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Pokemon started from simple inspirations. Satoshi Tajiri, who headed up development of the game, had been fascinated by collecting insects as a child. He wanted to design a game that gave the player the same thrill of chasing and trading unique creatures as insect collecting gave him a child. Taking inspiration from one of his favorite shows of his youth, Ultraman, he wanted to incorporate a battle system that utilized captured monsters as party allies. These inspirations, paired with an interest in the Gameboy Link Cable that was introduced early in the handheld’s lifespan, grew the idea of a monster collecting game in which players could train, battle, and trade monsters with friends. In 1990,  Tajiri brought the concept to Nintendo under the title “Capsule Monsters”, who  turned the idea down. After shortening the name to CapuMon and subsequently changing it to Pocket Monsters due to copyright issues, Tajiri once again brought it to Nintendo. With the help of Shigeru Miyamoto putting his support behind the idea, the game was finally green lighted for development. The 6 year development of Pokemon Red and Green was one of technical difficulties, financial woes, and many unpaid overtime hours. When the game finally released in 1996 as Pocket Monsters Red and Green Versions, Game Freak had lost many of its developers and was on the verge of bankruptcy.  Despite its almost immediate international success years later, the Japanese release of the original game wasn’t the overnight success one would expect. It wasn’t until buzz about the game’s hidden 151st Pokemon that sales starting to pick up for the game, thus creating the cultural phenomenon that we know it as today.

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The original games had some..ugly sprites

Outside of Japan,  the game released as Pokemon Red and Blue, a slightly updated version of the original game with reworked sprites and details. Each version of the game held specific Pokemon only obtainable in  that specific version of the game. With the addition of Pokemon only achievable at the cost of another Pokemon and Pokemon that only evolved through trade, to obtain every Pokemon in the game required trading with another version of the game. This is where Pokemon becomes a milestone game in the social sphere of gaming; it is a game that requires players to interact and trade with others to obtain the game’s goal. While it’s inevitable that a player could just buy both versions of the game and a second gameboy, the intent of Game Freak was to promote a sense of community among gamers that fostered real loss and exchange. The developers wanted trading away special Pokemon to mean something for each player, and for their decisions and actions to have consequence in-game and in the real world.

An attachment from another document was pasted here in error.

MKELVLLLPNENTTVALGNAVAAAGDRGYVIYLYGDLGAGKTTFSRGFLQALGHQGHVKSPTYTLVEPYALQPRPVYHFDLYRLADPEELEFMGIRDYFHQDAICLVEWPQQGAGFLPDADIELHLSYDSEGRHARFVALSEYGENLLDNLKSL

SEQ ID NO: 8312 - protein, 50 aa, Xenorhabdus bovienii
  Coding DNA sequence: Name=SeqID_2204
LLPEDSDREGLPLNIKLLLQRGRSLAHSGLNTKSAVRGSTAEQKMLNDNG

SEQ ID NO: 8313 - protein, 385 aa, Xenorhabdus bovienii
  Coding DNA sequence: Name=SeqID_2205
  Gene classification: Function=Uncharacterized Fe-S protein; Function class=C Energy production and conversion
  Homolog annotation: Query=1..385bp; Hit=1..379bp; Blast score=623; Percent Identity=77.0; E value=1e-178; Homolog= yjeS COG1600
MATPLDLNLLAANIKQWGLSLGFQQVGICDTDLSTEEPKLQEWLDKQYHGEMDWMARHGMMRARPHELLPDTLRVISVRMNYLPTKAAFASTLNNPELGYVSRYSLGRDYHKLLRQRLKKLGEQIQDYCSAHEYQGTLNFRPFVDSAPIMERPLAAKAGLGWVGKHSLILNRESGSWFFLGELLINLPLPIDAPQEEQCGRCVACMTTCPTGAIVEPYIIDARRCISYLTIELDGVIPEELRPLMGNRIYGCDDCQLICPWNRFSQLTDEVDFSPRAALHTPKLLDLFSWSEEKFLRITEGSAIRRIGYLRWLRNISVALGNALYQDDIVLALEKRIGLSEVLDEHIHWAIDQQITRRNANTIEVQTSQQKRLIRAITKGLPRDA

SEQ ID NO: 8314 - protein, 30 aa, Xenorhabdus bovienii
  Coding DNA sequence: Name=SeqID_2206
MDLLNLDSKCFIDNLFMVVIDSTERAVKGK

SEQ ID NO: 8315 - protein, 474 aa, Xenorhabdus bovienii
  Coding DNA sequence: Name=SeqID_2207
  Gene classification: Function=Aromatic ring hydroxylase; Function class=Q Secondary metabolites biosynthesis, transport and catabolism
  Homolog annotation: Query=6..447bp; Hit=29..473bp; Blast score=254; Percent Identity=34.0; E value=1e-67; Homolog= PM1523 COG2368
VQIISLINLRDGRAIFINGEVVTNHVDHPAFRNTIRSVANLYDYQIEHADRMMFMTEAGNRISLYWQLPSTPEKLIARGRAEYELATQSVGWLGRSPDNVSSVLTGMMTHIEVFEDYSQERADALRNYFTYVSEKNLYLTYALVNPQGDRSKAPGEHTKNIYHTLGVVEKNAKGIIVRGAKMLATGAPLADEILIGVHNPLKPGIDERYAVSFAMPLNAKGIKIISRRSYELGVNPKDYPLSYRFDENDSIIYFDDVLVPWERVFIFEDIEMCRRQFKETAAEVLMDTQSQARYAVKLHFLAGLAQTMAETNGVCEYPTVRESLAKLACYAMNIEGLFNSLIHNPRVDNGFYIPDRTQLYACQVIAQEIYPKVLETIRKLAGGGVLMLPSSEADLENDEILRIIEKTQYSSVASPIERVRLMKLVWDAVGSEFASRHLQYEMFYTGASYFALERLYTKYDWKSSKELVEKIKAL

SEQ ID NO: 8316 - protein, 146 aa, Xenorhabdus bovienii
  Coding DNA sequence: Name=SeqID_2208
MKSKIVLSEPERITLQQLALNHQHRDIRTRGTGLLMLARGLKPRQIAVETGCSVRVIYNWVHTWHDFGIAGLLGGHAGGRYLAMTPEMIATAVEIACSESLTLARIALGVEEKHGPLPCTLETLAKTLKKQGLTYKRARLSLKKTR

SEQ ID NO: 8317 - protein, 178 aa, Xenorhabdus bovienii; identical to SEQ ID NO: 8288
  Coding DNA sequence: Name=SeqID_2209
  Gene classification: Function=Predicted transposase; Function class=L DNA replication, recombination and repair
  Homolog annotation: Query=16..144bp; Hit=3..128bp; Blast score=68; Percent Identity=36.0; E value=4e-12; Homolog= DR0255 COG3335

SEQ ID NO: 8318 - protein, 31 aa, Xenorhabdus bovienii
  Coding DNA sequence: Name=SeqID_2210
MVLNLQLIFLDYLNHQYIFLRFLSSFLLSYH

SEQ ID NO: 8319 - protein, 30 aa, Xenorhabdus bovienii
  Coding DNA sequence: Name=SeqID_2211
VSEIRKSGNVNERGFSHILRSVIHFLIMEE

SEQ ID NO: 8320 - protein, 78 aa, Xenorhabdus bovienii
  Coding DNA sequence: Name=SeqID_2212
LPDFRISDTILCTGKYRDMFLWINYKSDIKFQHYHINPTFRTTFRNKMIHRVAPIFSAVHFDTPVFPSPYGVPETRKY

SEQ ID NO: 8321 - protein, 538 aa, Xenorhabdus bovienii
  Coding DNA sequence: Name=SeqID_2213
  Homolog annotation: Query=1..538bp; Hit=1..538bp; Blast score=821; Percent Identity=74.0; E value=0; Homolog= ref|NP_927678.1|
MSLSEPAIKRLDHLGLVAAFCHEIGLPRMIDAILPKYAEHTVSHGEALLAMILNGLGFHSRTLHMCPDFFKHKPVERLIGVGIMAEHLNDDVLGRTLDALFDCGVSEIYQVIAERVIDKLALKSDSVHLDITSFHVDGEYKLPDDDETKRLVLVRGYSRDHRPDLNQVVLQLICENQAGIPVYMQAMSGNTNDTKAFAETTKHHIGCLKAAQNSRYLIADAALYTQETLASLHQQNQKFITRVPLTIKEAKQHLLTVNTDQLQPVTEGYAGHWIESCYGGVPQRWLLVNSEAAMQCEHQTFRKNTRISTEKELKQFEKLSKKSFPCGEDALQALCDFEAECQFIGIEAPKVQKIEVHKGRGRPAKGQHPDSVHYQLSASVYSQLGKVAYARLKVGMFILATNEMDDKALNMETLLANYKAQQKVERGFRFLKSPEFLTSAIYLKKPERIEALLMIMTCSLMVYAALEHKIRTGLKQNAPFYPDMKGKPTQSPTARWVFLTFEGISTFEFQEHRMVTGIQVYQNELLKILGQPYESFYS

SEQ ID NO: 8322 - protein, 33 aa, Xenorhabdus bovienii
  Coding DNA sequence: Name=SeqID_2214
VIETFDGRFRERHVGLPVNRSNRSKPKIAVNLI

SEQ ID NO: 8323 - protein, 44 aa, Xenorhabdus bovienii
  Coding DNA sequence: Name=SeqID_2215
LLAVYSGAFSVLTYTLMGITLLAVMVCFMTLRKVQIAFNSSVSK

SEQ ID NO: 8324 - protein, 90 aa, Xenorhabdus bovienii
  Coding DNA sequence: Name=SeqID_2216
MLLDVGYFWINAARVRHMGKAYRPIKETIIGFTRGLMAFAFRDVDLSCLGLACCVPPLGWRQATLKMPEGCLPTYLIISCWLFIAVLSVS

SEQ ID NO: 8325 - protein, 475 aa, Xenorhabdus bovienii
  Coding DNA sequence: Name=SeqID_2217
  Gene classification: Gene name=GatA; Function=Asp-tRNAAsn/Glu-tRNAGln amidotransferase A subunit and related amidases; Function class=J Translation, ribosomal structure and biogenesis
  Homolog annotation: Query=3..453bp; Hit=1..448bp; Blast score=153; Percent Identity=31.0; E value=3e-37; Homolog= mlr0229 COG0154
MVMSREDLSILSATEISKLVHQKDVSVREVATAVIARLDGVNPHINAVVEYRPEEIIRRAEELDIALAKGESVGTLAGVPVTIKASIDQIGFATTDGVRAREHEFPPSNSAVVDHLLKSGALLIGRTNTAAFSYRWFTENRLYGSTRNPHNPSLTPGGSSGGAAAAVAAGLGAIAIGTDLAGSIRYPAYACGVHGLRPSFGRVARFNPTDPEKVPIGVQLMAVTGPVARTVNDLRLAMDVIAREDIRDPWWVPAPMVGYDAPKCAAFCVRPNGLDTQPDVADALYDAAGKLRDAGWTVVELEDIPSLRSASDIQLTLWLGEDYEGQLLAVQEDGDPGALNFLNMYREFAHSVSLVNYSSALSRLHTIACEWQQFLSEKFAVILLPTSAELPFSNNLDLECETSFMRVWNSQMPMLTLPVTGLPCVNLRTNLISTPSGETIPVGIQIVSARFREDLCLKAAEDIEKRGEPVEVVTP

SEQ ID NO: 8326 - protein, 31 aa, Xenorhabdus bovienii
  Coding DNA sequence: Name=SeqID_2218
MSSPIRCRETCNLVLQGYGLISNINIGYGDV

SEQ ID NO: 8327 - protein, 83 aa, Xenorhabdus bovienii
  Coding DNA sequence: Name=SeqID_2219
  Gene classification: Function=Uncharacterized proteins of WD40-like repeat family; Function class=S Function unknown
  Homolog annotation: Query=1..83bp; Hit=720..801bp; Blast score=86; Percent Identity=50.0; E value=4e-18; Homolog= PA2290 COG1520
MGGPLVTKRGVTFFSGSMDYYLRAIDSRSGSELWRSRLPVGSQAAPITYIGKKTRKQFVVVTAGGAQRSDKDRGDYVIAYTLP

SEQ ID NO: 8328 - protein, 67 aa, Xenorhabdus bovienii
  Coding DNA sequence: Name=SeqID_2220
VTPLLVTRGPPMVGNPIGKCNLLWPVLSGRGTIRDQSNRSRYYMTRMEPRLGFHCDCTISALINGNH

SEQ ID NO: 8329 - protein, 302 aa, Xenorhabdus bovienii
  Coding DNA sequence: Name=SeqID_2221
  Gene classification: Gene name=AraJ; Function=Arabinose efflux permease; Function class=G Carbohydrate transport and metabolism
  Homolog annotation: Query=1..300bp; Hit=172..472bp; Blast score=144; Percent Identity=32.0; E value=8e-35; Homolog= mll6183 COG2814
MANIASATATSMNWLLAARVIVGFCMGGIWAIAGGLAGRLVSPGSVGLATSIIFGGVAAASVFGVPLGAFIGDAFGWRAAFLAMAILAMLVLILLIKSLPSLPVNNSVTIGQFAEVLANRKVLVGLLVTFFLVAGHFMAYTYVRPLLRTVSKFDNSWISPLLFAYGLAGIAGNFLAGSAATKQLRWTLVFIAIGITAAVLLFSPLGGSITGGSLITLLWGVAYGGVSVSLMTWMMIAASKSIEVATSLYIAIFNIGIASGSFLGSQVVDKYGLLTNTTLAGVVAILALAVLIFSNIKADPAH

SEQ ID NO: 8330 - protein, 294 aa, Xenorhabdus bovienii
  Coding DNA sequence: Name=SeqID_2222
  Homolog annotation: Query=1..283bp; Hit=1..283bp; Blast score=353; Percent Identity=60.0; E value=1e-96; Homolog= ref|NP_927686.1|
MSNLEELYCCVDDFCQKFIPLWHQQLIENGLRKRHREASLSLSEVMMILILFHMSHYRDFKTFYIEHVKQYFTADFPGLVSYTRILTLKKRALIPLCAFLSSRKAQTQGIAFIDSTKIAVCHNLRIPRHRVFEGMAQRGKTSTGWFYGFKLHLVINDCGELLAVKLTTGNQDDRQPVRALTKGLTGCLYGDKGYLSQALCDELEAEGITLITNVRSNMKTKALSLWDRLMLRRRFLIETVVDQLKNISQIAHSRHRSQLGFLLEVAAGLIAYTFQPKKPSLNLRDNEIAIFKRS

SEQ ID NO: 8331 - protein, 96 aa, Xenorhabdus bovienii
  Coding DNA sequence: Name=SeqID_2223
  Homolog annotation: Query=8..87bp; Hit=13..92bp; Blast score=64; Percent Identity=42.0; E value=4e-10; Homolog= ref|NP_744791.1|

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Years ago I wrote a more humorous look at the Pokemon series as an entity of social agent, but many of the lessons the game teaches players are about community and comradeship still hold true. It’s one of the few games of the era that has cooperation built into its success, despite a big emphasis of the game being about battling other trainers. Even today, whether it be with the game or the immensely successful card game, fans are comparing and trading Pokemon just like in 1996. There are few games that have had the cultural impact that Pokemon has had and I think it’s pretty likely we’ll see Pokemon remain popular for years to come.

UC Davis Creates an Interactive Game To Discuss Its Future

Tomorrow at 11am  UC Davis is launching Envision, an interactive video game designed to allow students, faculty, and associated members to come together to discuss and chart the university’s future. The game will be live for 36 hours, during which users can log in and meet with others in a virtual space.

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UC Davis has created this game with the intent purpose of opening up the discussion of the university’s future to a wider population of students, giving them a virtual space to connect like never before. When it goes live for computers and mobiles, users will be able to share “micro-contributions” about their vision of the future of UC Davis, as well as add onto the visions of others. From their brief description, it sounds like the game will function akin to something like Reddit, where users can respond or add to specific threads of thought. A leaderboard system will be put into place to chart the contribution of users and winners will be awarded prizes, further promoting the “game” aspect of Envision.